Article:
Margaret Perry, now in her eighties, is the unsung heroine of the Nova Scotia film industry. For over a quarter of a century, she shot, directed, wrote and edited all the tourist films for the province. Through her camera, we view changes in the landscape, in lifestyles, and in film technology.
This short film brings together animation workshops led by award-winning independent animator Caroline Leaf. The film, which discusses and demonstrates Leaf’s artisan's approach to narrative filmmaking, explores 3 techniques she pioneered during her 20-year tenure at the NFB: sand, paint-on-glass and scratch animation.
With quiet intelligence and wry humour, retired documentary filmmaker Kathleen Shannon takes us through the arc of her life and career. Beginning with childhood, moving through her formative years, to her overwhelming desire to give women a chance to tell their stories, this film paints a vibrant portrait of one woman who blazed the way. It's a story of struggle, persistence, and success… and of course, of the NFB's Studio D.
Alanis Obomsawin, an Indigenous woman who earns her living by singing and making films, is the mother of an adopted child. She talks about her life, her people, and her responsibilities as a single parent. Her observations shake some of our cultural assumptions.
This revealing portrait of NFB filmmaker Alanis Obomsawin was shown at a gala ceremony in 2008, where Obomsawin received the Governor General's Performing Arts Award for Lifetime Artistic Achievement. Her work has captured some of the most startling events in Canadian history, including the armed standoff between the Canadian Army and Mohawk warriors in 1993. Her films cross a spectrum of social issues, but they are always human. Obomsawin explains in the interview, "For me, a real documentary is when you're really listening to somebody; they are the ones that will tell you what the story is, not you."
A woman with a deep love of the land, Yolande Simard Perrault sees her life as having been shaped by a planetary upheaval in Charlevoix, Quebec, millions of years ago. As enduring as the Canadian Shield, she’s a woman of strength and spirit, a child of the crater left by the meteor’s impact. This documentary portrays a determined woman who’s the reflection of a land created on an immense scale. She was the creative and life partner of filmmaker Pierre Perrault, who gave up everything to be by her side. The film charts the influence of her unquenchable dreams and her contribution to the building of a people’s collective memory. In a stream of images and words, Simard Perrault recounts the splendours of the landscape and the people who shaped it. Generous and boundless, she embarks on a quest for identity that nurtures and perpetuates the oeuvre of the man who breathed new life into Quebec cinema.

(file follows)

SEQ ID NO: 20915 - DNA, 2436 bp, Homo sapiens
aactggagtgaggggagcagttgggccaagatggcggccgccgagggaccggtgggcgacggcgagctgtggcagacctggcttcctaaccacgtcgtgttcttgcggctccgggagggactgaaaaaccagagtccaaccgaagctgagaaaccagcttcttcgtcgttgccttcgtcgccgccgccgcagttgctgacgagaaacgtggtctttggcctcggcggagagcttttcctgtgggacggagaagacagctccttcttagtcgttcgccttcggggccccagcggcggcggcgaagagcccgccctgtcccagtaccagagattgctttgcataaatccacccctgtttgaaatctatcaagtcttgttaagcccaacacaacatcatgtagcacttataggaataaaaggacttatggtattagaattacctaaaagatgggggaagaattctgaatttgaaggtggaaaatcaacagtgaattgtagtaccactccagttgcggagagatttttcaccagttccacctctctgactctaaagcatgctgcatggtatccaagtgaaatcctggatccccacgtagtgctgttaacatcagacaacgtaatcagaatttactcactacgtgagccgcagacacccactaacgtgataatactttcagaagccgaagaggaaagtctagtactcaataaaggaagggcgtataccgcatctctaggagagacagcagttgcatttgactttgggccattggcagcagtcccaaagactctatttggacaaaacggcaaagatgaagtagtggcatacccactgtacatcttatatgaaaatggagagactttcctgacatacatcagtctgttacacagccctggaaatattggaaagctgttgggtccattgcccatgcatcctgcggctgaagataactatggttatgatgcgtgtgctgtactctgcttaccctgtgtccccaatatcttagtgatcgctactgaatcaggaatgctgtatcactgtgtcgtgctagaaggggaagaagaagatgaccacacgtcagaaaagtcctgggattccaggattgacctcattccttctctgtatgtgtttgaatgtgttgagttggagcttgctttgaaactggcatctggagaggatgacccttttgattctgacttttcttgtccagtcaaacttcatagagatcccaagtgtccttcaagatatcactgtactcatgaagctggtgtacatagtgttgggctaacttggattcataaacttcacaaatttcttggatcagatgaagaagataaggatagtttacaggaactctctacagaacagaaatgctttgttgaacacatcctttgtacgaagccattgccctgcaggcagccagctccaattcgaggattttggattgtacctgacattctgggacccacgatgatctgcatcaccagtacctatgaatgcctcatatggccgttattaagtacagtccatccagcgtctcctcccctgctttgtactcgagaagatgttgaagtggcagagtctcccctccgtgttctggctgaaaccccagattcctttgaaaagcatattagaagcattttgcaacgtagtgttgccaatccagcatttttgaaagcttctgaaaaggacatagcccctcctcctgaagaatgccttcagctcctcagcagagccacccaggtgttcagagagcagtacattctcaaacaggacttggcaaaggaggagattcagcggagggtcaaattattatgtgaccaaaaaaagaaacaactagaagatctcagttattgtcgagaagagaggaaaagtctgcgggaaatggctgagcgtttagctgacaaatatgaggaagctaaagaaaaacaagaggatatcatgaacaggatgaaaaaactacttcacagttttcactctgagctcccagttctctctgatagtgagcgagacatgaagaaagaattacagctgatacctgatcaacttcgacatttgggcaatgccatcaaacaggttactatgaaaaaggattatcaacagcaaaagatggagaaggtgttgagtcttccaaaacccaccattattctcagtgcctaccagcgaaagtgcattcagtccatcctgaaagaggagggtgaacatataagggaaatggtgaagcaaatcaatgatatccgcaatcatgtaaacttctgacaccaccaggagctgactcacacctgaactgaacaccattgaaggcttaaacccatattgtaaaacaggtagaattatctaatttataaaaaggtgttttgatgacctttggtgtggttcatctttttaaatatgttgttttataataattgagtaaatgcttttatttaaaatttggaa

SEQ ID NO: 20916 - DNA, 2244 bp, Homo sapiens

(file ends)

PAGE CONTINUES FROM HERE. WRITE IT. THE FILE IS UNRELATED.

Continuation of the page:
This feature-length documentary shines a much-deserved spotlight on Evelyn Lambart, who stood side-by-side with Norman McLaren for 21 years. Dubbed The First Lady of Canadian Animation, Lambart was an accomplished animator in her own right. This compilation, playfully contextualized by filmmaker Donald McWilliams, aims to prove just that.
This short film is a tribute to award-winning director and screenwriter Deepa Mehta. A true cultural hybrid, Mehta has been described as a “transnational” artist, able to tell universally meaningful stories from a uniquely Canadian point of view. In a career spanning over 30 years she has consistently broken new ground, tackling such controversial issues as intolerance, cultural discrimination and domestic violence. As an Indian who grew up speaking English first in a British Colonial School and then learning Hindi, she finds her passion and her stories in India, and the freedom to choose how to tell those stories in Canada.
Produced by the National Film Board of Canada in co-operation with the National Arts Centre and the Governor General's Performing Arts Awards Foundation on the occasion of the 2012 Governor General's Performing Arts Awards.